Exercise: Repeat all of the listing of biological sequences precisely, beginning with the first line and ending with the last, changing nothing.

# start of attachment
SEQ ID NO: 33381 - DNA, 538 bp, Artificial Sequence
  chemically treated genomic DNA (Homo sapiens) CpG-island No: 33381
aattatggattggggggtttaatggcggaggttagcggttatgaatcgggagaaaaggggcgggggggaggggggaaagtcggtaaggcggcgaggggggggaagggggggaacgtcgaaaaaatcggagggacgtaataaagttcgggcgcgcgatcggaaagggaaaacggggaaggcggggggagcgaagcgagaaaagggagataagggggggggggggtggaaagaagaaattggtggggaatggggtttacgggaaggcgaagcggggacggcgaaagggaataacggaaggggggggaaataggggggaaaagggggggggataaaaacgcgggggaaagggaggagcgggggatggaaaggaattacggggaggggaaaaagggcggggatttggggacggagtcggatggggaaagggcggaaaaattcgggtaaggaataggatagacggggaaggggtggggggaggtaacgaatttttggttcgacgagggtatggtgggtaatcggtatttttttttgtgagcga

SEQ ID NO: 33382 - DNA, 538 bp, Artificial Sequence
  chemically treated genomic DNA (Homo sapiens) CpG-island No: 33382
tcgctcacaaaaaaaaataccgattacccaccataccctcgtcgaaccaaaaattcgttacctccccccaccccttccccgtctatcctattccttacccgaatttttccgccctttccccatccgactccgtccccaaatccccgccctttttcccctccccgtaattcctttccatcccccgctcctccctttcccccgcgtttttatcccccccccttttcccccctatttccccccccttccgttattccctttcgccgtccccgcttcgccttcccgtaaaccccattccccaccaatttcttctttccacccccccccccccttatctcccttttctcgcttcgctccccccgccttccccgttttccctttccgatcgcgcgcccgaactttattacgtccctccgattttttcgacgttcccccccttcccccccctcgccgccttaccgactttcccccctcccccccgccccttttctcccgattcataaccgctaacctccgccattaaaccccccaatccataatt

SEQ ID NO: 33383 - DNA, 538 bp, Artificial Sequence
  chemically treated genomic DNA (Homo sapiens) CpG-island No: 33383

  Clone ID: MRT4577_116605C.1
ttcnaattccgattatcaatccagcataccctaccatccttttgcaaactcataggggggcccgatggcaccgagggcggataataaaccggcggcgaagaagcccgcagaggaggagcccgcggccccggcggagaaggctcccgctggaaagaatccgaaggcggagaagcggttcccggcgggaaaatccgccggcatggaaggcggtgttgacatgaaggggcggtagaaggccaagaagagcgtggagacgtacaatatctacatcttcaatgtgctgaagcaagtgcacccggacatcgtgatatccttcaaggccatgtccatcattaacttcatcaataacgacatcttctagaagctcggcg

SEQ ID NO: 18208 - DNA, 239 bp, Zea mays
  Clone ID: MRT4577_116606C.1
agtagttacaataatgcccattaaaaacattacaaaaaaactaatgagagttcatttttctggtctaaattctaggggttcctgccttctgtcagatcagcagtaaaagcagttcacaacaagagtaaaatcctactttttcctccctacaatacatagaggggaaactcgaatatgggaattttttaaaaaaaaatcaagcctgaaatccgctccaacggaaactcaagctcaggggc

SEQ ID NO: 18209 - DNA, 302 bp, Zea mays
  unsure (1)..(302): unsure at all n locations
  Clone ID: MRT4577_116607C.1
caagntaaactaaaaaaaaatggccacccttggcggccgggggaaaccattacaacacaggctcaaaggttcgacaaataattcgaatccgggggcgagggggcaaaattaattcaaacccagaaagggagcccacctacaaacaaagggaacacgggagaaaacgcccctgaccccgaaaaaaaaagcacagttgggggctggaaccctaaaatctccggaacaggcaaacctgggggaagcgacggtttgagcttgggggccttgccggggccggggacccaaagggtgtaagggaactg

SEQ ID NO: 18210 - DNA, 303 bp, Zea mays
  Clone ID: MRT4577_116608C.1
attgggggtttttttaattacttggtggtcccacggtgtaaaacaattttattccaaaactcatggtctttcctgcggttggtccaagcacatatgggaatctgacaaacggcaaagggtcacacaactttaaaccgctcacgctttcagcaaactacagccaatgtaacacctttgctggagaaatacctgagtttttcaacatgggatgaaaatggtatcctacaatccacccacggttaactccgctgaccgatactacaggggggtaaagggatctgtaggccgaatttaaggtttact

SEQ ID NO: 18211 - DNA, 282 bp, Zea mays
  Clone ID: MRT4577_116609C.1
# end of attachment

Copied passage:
SEQ ID NO: 33381 - DNA, 538 bp, Artificial Sequence
  chemically treated genomic DNA (Homo sapiens) CpG-island No: 33381
aattatggattggggggtttaatggcggaggttagcggttatgaatcgggagaaaaggggcgggggggaggggggaaagtcggtaaggcggcgaggggggggaagggggggaacgtcgaaaaaatcggagggacgtaataaagttcgggcgcgcgatcggaaagggaaaacggggaaggcggggggagcgaagcgagaaaagggagataagggggggggggggtggaaagaagaaattggtggggaatggggtttacgggaaggcgaagcggggacggcgaaagggaataacggaaggggggggaaataggggggaaaagggggggggataaaaacgcgggggaaagggaggagcgggggatggaaaggaattacggggaggggaaaaagggcggggatttggggacggagtcggatggggaaagggcggaaaaattcgggtaaggaataggatagacggggaaggggtggggggaggtaacgaatttttggttcgacgagggtatggtgggtaatcggtatttttttttgtgagcga

SEQ ID NO: 33382 - DNA, 538 bp, Artificial Sequence
  chemically treated genomic DNA (Homo sapiens) CpG-island No: 33382
tcgctcacaaaaaaaaataccgattacccaccataccctcgtcgaaccaaaaattcgttacctccccccaccccttccccgtctatcctattccttacccgaatttttccgccctttccccatccgactccgtccccaaatccccgccctttttcccctccccgtaattcctttccatcccccgctcctccctttcccccgcgtttttatcccccccccttttcccccctatttccccccccttccgttattccctttcgccgtccccgcttcgccttcccgtaaaccccattccccaccaatttcttctttccacccccccccccccttatctcccttttctcgcttcgctccccccgccttccccgttttccctttccgatcgcgcgcccgaactttattacgtccctccgattttttcgacgttcccccccttcccccccctcgccgccttaccgactttcccccctcccccccgccccttttctcccgattcataaccgctaacctccgccattaaaccccccaatccataatt

SEQ ID NO: 33383 - DNA, 538 bp, Artificial Sequence
  chemically treated genomic DNA (Homo sapiens) CpG-island No: 33383

  Clone ID: MRT4577_116605C.1
ttcnaattccgattatcaatccagcataccctaccatccttttgcaaactcataggggggcccgatggcaccgagggcggataataaaccggcggcgaagaagcccgcagaggaggagcccgcggccccggcggagaaggctcccgctggaaagaatccgaaggcggagaagcggttcccggcgggaaaatccgccggcatggaaggcggtgttgacatgaaggggcggtagaaggccaagaagagcgtggagacgtacaatatctacatcttcaatgtgctgaagcaagtgcacccggacatcgtgatatccttcaaggccatgtccatcattaacttcatcaataacgacatcttctagaagctcggcg

SEQ ID NO: 18208 - DNA, 239 bp, Zea mays
  Clone ID: MRT4577_116606C.1
agtagttacaataatgcccattaaaaacattacaaaaaaactaatgagagttcatttttctggtctaaattctaggggttcctgccttctgtcagatcagcagtaaaagcagttcacaacaagagtaaaatcctactttttcctccctacaatacatagaggggaaactcgaatatgggaattttttaaaaaaaaatcaagcctgaaatccgctccaacggaaactcaagctcaggggc

SEQ ID NO: 18209 - DNA, 302 bp, Zea mays
  unsure (1)..(302): unsure at all n locations
  Clone ID: MRT4577_116607C.1
caagntaaactaaaaaaaaatggccacccttggcggccgggggaaaccattacaacacaggctcaaaggttcgacaaataattcgaatccgggggcgagggggcaaaattaattcaaacccagaaagggagcccacctacaaacaaagggaacacgggagaaaacgcccctgaccccgaaaaaaaaagcacagttgggggctggaaccctaaaatctccggaacaggcaaacctgggggaagcgacggtttgagcttgggggccttgccggggccggggacccaaagggtgtaagggaactg

SEQ ID NO: 18210 - DNA, 303 bp, Zea mays
  Clone ID: MRT4577_116608C.1
attgggggtttttttaattacttggtggtcccacggtgtaaaacaattttattccaaaactcatggtctttcctgcggttggtccaagcacatatgggaatctgacaaacggcaaagggtcacacaactttaaaccgctcacgctttcagcaaactacagccaatgtaacacctttgctggagaaatacctgagtttttcaacatgggatgaaaatggtatcctacaatccacccacggttaactccgctgaccgatactacaggggggtaaagggatctgtaggccgaatttaaggtttact

SEQ ID NO: 18211 - DNA, 282 bp, Zea mays
  Clone ID: MRT4577_116609C.1